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18 posts categorized "Global Health"

Weekend Link Roundup (March 15-16, 2014)

March 16, 2014

Gopher_I_LiedOur weekly roundup of new and noteworthy posts from and about the nonprofit sector. Enjoy....

Communications/Marketing

Guest blogging on Nancy Schwartz' Getting Attention blog, Julie Brown, program director at the Findlay-Hancock County Community Foundation in Ohio, shares the steps she and a colleague have taken over the last year to achieve "storytelling success" and boost donor engagement at the foundation.

Community Improvement/Development

On the Huffington Post's Black Voices blog, Ashley Wood, Detroit editor for the HuffPo, takes a closer look at the hipsters-are-taking-over-Detroit narrative and uncovers a fascinating (and more nuanced) conversation. As Meagan Elliott, an urban planner and Ph.D. candidate in sociology at the University of Michigan, says at the end of the piece: "I think everyone is open to change. That's what makes the conversation interesting. Everyone recognizes that things need to change here."

Corporate Philanthropy

In Fast Company, Stephanie Vozza explains why every company should pay its employees to volunteer.

Data

Writing on the Stanford Social Innovation Review blog, Foundation Center president Brad Smith looks at the three types of data (transactional, contextual, impact) foundations need and suggests that "for strategic philanthropy to realize its true potential, foundations need to learn how to manage information (data) to produce and share knowledge. Doing so," adds Smith, "will depend on changing internal incentive systems, in which foundations employ static data primarily as means for approving strategies and monitoring grants."

Giving

Nice infographic on the npEngage site illustrating highlights of Blackbaud's 2013 Charitable Giving Report. Click here to download (registration required) a copy of the report, which includes overall giving data from 4,129 nonprofit organizations representing more than $12.5 billion in total fundraising and online giving data from 3,359 nonprofits representing $1.7 billion in online fundraising.

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The Smartest Investment We Could Make: The Future of Girls

March 13, 2014

(Dr. Anand K. Parekh is an adjunct assistant professor at the Johns Hopkins University School of Medicine and deputy assistant secretary for health in the U.S. Department of Health & Human Services. His family manages the Parekh-Vora Charitable Foundation.)

Girls_in_classroomAs the father of two young girls, there is no greater joy for me than to see them smile and thrive. This is why I often remember former United Nations secretary-general Kofi Annan’s words: "There is no policy for progress more effective than the empowerment of women and girls. A nation that neglects its children, especially girls, is a nation that neglects its future and development." Given this truth, the Parekh-Vora Charitable Foundation has initiated a focus on two areas particularly important to girls: water and sanitation, and primary school education.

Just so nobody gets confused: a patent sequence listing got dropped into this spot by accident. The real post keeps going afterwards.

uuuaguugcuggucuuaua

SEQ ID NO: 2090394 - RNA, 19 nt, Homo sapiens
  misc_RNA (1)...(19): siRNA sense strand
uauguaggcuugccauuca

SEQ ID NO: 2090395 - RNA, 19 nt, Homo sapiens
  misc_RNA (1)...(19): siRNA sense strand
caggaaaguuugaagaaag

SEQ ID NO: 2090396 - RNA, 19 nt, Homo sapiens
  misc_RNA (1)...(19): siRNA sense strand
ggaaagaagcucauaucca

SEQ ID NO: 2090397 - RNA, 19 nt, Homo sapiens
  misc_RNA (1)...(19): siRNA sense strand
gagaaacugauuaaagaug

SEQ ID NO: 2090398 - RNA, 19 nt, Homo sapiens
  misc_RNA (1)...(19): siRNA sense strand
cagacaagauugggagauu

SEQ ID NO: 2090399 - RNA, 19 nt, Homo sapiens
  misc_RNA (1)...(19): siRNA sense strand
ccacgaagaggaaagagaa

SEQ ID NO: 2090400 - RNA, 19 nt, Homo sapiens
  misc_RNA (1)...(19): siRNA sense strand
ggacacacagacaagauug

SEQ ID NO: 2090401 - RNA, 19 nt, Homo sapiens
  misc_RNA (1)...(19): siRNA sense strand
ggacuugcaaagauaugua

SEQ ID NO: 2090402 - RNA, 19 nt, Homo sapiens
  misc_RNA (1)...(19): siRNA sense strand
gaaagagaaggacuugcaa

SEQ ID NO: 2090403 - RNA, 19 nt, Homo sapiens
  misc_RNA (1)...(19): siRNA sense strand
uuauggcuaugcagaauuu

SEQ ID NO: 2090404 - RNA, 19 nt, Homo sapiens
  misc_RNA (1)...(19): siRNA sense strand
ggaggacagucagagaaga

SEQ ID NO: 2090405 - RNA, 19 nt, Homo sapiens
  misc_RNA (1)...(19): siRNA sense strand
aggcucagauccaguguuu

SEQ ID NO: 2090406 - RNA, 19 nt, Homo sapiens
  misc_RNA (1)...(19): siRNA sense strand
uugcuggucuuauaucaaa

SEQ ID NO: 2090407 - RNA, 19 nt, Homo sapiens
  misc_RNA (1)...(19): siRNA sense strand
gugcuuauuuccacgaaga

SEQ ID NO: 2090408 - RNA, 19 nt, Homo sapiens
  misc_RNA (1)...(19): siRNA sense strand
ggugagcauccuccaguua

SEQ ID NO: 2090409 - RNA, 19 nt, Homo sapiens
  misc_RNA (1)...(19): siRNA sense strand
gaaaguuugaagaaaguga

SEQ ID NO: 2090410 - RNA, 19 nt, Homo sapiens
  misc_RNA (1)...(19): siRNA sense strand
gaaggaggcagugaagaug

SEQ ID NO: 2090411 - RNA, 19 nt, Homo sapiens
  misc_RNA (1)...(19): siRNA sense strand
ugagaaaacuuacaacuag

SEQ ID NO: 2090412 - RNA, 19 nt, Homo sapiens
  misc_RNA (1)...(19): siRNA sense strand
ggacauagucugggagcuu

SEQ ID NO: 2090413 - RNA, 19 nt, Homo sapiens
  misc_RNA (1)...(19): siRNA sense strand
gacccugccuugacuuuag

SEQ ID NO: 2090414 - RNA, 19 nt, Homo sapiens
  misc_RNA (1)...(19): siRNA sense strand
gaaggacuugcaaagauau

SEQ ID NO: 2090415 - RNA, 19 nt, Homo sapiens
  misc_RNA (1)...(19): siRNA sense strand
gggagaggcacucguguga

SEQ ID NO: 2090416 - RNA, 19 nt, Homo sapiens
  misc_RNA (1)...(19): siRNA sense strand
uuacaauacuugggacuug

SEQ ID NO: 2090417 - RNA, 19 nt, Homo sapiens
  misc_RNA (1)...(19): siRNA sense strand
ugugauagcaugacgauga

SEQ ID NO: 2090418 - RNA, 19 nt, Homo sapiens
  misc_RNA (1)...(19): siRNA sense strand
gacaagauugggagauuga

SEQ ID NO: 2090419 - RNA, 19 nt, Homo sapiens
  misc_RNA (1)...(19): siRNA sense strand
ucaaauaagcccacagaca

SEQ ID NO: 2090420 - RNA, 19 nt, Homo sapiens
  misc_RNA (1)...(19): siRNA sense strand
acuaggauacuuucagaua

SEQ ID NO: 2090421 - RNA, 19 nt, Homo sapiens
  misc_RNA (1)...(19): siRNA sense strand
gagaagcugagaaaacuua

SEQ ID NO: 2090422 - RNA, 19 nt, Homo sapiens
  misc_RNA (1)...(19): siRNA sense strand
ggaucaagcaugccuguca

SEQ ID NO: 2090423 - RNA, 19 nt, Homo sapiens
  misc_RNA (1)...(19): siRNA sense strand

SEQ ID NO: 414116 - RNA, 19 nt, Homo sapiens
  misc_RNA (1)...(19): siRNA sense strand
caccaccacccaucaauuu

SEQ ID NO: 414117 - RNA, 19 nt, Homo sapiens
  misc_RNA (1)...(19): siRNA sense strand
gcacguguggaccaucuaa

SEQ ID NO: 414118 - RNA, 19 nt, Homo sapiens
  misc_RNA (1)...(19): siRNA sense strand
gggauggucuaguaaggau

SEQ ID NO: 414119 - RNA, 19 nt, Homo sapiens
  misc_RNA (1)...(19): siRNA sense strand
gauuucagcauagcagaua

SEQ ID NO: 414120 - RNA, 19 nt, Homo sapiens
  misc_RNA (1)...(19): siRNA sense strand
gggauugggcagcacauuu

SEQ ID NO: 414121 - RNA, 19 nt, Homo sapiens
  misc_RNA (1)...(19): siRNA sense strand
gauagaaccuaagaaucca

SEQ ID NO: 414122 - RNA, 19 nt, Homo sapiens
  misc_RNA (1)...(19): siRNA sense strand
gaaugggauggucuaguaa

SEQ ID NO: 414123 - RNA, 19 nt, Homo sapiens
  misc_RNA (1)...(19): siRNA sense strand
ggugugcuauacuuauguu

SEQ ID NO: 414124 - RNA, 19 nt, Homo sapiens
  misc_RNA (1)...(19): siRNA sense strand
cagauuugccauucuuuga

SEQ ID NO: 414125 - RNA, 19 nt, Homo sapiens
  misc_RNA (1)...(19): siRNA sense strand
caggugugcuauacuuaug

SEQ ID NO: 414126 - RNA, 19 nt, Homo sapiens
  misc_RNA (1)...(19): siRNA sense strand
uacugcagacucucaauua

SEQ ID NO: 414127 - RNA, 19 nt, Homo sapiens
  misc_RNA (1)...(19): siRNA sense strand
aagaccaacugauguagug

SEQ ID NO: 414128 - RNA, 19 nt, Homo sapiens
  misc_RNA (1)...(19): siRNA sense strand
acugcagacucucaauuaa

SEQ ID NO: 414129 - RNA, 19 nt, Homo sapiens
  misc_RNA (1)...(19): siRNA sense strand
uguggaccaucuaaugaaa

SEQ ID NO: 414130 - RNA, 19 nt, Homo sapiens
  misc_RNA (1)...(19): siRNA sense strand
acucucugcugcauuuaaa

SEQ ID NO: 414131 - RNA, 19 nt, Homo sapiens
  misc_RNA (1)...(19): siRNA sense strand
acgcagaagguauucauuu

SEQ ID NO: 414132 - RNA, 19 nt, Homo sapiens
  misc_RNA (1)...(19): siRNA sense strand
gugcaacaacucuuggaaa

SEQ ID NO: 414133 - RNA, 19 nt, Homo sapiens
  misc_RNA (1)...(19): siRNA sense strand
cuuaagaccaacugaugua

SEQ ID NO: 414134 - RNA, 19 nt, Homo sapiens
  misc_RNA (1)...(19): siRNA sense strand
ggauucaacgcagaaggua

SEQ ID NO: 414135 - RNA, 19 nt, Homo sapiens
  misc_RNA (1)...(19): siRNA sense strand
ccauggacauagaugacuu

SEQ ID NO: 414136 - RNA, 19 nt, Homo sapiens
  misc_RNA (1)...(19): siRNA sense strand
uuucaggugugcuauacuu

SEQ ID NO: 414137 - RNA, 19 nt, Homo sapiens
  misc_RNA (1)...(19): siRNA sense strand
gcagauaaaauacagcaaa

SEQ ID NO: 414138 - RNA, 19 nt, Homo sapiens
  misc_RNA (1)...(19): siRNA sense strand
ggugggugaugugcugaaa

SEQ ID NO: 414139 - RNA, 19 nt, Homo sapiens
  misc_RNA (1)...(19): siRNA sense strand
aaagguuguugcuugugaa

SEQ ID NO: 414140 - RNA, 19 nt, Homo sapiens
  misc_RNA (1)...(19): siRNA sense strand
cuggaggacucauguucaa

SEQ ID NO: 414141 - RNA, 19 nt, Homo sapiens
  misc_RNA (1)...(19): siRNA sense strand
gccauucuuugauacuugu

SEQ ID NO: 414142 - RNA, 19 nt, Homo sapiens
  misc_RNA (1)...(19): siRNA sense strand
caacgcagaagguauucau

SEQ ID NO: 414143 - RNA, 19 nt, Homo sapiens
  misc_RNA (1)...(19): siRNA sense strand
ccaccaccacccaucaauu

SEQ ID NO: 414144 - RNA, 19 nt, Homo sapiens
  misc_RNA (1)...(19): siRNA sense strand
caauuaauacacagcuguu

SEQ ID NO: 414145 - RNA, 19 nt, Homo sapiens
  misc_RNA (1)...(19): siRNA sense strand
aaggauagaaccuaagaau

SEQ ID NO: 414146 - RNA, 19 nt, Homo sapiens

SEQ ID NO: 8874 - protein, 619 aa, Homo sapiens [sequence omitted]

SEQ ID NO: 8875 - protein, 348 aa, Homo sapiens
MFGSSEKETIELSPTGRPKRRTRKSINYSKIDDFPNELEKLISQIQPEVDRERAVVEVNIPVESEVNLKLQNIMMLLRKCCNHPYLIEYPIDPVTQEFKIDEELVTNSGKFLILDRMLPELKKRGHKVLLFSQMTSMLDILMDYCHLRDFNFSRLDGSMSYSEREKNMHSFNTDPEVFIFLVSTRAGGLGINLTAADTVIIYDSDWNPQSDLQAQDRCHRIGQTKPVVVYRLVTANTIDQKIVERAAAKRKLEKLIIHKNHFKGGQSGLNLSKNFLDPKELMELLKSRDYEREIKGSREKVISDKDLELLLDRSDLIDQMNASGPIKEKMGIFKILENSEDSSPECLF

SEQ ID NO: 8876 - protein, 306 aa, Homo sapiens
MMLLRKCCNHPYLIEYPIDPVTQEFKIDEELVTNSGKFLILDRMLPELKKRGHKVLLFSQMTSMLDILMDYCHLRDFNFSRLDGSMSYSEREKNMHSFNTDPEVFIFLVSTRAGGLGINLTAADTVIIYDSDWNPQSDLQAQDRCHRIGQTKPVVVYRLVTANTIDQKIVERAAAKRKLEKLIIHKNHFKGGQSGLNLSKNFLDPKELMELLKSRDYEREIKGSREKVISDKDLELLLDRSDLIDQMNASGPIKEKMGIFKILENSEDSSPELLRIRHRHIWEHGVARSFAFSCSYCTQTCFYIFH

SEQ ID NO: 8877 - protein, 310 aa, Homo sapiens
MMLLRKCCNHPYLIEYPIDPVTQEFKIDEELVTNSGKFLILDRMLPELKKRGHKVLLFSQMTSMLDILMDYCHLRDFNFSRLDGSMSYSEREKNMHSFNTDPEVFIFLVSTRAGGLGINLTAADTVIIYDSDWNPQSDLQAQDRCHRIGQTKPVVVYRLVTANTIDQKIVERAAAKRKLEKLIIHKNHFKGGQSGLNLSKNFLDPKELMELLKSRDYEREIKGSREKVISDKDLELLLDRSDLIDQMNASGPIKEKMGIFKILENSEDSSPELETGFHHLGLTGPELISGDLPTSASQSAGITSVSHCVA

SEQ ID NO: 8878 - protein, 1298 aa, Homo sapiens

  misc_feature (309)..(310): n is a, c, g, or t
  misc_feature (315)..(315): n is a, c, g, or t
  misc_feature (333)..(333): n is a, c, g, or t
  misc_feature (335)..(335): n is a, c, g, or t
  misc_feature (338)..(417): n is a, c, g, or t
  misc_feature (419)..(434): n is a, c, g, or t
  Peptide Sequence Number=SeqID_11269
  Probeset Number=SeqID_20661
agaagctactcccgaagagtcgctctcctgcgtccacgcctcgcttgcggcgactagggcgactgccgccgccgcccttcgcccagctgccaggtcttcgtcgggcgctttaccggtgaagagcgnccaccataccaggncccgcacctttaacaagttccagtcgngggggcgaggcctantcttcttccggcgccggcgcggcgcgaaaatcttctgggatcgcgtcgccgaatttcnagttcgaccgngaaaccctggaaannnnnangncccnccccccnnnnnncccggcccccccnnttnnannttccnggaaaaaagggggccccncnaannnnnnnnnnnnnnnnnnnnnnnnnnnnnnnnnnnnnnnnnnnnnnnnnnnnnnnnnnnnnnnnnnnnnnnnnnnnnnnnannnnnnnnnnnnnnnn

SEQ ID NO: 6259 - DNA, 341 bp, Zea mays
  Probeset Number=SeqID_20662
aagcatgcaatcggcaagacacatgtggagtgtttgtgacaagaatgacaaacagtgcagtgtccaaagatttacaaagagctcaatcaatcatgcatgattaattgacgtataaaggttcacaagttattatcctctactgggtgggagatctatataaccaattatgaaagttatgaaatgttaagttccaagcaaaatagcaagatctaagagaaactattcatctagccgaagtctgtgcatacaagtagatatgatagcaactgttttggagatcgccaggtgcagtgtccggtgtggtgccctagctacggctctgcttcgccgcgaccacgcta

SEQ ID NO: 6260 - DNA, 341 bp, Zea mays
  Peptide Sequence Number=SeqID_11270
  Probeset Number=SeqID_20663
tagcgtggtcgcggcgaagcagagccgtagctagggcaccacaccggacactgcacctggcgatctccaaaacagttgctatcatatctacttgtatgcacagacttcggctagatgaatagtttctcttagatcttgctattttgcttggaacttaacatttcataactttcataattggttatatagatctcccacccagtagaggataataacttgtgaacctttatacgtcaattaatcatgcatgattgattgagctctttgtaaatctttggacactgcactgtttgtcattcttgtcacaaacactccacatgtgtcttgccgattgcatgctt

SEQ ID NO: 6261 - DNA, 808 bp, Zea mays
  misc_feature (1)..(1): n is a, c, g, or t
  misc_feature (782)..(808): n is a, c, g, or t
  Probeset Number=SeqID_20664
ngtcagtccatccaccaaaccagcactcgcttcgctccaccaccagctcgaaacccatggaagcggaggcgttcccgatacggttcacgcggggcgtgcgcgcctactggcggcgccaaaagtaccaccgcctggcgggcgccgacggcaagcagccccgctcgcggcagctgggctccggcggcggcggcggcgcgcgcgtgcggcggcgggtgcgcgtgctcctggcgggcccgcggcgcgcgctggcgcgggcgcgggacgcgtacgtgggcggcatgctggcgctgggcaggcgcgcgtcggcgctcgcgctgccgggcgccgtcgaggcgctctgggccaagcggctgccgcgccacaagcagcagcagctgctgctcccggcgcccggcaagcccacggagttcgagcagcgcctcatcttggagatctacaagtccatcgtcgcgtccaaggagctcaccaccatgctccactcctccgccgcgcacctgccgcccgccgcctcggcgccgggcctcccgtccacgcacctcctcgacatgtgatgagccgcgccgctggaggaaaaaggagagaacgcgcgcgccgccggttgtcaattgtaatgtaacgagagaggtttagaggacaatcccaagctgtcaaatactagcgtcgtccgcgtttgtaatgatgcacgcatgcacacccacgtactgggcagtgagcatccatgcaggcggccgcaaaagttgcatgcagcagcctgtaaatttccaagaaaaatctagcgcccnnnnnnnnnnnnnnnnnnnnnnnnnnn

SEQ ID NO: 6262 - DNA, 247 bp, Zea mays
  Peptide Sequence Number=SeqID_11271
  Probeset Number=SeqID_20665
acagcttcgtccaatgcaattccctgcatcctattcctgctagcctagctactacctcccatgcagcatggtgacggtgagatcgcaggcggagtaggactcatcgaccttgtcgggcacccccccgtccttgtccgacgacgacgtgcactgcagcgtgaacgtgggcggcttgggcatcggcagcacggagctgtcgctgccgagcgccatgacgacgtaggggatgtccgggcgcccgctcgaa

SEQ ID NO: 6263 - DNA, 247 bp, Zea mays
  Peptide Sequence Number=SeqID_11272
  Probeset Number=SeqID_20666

We could have chosen many areas of need to focus on, so why girls, why water and sanitation, and why education?

To begin with, we were struck by the numbers: globally, 2.5 billion people live without basic sanitation, while 768 million people lack access to safe water. Every day, 2,000 children die from water-related diseases. And each year, 60 million children are born into homes without access to safe water and sanitation. It's estimated that improvements in these areas alone could vastly improve health outcomes, increase productivity, and reduce healthcare costs – while increasing a country's gross domestic product (GDP) by anywhere from 2 percent to 7 percent. Girls are disproportionately affected by the water and sanitation crisis, given that they frequently miss school or drop out altogether because of a lack of a private toilet in school. Tens of thousands of other girls and women spend hours at a time walking for miles while carrying water on their heads that can weigh up to forty pounds. Simply put, access to water, sanitation, and hygiene enables women and girls to take control of their lives.

The numbers around education are equally alarming: 793 million people worldwide are illiterate. Once again, girls and women are disproportionately affected and account for two-thirds of all illiterate persons. In the developing world, an estimated 42 percent of girls are not enrolled in school, while more than 60 million primary school-aged children of both genders do not have access to education and likely will never learn to read or write. The numbers are confounding, not least because we know that even a few years of basic education empowers women and girls to take control of their lives. Educated women are healthier (an extra year of  education for girls can reduce infant mortality by 5 percent to 10 percent) and earn more (an extra year of education boosts future wages by 20 percent). If every child were to receive an education, an estimated  171 million individuals would be lifted out of poverty.